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Title: Otolith function in human subjects : perception of motion, reflex eye movements and vision during linear interaural acceleration
Author: Gianna, Claire Cecile
ISNI:       0000 0001 3496 3911
Awarding Body: University of London
Current Institution: University College London (University of London)
Date of Award: 1997
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The thesis investigates how the otolith organs of the vestibular system, specifically the utricles, assist motion perception and aid visual stabilization, during translational lateral whole-body acceleration. It was found that high gradients of acceleration facilitate the detection of motion and that, for low acceleration gradients, motion perception in normal subjects relies on a 'velocity' threshold detection process. Experiments in patients without vestibular function indicated that, for the stimuli employed, the somatosensory system could be as sensitive to linear motion as the vestibular system. The interaction between the horizontal linear vestibulo-ocular reflex (LVOR) and visual context was characterized in the following experiments. Subjects were accelerated transiently in darkness, or while viewing earth-fixed or head-fixed targets. From onset, the eye velocity response to head translation was enhanced with acceleration level and target proximity, but was only slightly reduced by fixation of head-fixed targets. This suggested that the gain of the LVOR pathway was adjusted before or immediately after motion onset by a parameter depending mainly on viewing distance and less on the knowledge of probable relative target motion. For high relative target velocities, LVORs improved ocular fixation over what would be attained by pursuit alone, although fully compensatory eye movements were not always produced. The LVORs of patients who underwent unilateral vestibular deafferentation suggested that the utricular area generating transaural LVORs is the macular region lateral to the striola. Psychophysical experiments based on a reading task established the functional role of the LVOR for stabilising vision during high-frequency sinusoidal whole-body acceleration. Unlike normal subjects, visual acuity in patients without vestibular function was not better during self-motion than during display oscillation. Finally, the LVOR interaction with canal-ocular reflexes was studied using isolated and combined translational/rotational stimuli. The results showed that, shortly after motion onset, canal stimulation enhances the LVOR evoked by head translation.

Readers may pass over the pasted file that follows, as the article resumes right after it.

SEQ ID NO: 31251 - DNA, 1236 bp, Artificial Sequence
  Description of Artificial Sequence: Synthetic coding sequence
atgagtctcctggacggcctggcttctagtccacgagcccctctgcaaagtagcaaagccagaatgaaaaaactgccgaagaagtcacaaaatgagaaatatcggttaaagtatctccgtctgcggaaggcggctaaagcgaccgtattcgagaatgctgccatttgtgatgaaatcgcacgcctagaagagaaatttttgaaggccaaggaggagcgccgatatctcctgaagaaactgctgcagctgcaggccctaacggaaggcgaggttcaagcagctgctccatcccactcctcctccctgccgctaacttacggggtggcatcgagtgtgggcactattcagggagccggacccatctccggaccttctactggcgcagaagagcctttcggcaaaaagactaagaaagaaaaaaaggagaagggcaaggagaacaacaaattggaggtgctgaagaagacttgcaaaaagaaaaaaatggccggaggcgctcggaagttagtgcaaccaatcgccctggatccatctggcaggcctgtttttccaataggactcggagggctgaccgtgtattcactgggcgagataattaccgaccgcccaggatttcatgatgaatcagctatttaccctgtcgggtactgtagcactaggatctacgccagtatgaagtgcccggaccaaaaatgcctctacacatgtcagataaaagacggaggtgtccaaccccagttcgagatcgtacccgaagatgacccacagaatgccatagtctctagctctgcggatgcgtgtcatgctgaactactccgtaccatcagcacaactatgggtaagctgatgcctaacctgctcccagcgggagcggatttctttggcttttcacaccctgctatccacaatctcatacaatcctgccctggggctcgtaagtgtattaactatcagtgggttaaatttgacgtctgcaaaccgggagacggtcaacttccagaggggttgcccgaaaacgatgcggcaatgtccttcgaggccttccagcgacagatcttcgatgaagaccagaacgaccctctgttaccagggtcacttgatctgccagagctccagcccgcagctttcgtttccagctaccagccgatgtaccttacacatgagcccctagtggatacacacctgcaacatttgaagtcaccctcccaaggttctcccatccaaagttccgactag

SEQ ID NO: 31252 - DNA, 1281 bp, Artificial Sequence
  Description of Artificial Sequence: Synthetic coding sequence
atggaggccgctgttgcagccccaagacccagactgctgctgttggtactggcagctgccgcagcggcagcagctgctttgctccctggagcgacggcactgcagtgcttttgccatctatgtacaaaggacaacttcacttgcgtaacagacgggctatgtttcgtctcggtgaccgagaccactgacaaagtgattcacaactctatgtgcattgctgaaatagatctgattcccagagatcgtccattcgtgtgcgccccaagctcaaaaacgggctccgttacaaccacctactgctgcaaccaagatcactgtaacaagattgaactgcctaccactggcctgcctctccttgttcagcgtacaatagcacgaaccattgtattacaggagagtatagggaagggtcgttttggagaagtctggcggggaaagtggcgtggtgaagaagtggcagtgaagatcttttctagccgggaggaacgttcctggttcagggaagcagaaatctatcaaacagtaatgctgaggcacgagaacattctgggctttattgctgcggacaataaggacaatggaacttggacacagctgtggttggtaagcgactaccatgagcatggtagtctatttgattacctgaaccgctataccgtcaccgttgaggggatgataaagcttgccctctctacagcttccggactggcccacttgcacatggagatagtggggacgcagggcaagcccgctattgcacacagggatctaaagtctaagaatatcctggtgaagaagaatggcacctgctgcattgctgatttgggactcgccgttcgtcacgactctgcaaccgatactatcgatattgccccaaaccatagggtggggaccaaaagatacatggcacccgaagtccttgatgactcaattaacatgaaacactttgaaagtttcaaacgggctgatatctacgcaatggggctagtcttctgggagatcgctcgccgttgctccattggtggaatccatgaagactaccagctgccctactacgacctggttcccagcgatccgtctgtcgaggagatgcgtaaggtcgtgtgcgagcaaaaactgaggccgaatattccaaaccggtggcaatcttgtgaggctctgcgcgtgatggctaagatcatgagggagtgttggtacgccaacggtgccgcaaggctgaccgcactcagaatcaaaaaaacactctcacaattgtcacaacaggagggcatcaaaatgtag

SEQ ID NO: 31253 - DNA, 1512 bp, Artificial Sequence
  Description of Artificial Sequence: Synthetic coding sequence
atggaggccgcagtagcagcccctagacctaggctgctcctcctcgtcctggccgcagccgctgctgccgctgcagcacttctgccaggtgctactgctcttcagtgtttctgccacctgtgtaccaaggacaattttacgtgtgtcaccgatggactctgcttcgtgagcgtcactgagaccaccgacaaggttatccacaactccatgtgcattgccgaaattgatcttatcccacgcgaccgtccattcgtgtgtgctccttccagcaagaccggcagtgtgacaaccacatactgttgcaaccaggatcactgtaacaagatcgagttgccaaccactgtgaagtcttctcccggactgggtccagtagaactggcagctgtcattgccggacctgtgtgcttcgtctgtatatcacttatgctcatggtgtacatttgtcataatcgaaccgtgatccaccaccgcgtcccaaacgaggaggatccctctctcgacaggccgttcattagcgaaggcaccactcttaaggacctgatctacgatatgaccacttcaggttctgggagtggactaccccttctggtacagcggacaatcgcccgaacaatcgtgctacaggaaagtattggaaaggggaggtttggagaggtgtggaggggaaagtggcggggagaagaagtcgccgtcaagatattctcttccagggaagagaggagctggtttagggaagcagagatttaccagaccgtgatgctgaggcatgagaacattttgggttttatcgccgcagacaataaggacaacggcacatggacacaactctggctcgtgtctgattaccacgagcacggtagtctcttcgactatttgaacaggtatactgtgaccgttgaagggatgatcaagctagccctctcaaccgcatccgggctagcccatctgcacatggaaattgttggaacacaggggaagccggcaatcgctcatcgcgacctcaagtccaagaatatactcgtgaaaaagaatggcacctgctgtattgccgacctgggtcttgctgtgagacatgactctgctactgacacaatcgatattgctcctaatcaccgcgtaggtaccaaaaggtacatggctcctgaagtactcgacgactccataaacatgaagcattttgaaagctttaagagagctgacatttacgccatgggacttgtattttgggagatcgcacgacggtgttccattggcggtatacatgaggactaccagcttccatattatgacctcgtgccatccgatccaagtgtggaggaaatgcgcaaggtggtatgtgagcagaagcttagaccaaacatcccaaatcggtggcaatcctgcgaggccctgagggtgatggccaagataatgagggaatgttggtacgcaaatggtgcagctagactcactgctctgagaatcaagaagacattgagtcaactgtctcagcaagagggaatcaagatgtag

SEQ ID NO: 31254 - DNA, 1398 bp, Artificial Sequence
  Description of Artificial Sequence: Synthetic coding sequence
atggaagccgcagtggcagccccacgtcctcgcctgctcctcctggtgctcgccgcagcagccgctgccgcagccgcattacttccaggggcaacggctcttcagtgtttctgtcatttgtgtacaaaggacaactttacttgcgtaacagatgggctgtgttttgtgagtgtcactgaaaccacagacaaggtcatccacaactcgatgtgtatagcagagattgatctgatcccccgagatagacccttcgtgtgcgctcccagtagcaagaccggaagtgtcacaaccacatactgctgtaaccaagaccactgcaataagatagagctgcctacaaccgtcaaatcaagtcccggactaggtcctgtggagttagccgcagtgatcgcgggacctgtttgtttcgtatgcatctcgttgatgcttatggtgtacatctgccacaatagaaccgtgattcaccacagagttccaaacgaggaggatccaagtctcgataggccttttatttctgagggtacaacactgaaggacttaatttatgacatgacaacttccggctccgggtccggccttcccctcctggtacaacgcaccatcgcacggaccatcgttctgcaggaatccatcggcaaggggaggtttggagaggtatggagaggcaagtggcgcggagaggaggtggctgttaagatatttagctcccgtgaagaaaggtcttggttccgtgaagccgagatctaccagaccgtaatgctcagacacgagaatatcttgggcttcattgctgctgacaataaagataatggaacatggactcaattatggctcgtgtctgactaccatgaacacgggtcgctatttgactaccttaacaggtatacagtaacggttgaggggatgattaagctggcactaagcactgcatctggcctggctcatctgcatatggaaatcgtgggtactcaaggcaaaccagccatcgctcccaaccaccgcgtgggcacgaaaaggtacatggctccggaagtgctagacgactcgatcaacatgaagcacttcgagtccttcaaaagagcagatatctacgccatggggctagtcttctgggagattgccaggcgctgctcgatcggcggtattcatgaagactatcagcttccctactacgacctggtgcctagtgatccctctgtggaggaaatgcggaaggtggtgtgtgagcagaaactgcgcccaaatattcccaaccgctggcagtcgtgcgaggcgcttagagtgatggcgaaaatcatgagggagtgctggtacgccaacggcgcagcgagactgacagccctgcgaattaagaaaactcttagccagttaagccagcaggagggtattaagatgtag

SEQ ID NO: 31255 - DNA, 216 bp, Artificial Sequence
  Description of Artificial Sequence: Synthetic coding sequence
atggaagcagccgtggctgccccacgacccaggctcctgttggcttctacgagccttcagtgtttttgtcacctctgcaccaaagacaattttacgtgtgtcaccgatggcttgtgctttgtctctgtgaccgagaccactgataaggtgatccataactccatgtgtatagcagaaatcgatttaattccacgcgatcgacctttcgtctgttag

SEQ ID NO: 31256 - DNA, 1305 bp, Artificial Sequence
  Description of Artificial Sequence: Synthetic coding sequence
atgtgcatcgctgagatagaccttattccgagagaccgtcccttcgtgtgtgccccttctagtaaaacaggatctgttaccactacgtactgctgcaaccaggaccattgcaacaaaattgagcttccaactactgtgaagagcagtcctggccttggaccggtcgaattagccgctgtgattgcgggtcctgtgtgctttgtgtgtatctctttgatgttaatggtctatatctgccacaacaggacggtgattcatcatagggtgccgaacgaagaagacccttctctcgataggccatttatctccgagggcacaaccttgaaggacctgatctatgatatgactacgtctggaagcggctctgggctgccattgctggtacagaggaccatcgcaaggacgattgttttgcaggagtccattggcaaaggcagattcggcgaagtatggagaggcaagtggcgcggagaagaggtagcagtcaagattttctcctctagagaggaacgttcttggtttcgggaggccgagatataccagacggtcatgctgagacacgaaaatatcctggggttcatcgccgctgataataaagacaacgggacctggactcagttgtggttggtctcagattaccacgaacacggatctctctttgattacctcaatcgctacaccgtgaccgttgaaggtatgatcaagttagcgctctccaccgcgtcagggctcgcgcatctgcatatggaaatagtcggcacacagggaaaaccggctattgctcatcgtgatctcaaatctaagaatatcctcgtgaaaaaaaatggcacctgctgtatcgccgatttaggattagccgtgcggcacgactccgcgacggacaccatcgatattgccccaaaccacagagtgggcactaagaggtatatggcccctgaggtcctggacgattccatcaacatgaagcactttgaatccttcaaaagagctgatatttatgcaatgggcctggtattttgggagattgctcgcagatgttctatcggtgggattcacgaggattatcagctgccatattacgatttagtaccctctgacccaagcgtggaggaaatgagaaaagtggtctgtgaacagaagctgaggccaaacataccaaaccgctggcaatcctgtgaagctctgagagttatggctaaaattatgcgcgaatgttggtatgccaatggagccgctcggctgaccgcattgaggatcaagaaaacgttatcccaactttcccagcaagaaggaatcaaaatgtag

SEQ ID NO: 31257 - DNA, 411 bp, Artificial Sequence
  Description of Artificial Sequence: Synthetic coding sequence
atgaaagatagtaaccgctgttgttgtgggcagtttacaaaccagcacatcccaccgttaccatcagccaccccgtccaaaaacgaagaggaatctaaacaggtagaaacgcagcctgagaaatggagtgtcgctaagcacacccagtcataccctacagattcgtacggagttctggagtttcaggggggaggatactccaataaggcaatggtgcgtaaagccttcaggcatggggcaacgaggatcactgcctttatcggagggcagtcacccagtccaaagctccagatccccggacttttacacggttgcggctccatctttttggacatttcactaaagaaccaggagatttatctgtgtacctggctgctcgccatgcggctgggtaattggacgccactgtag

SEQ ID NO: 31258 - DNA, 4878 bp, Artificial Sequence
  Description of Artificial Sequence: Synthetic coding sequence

Supervisor: Not available Sponsor: Not available
Qualification Name: Thesis (Ph.D.) Qualification Level: Doctoral
EThOS ID:  DOI: Not available
Keywords: Physiology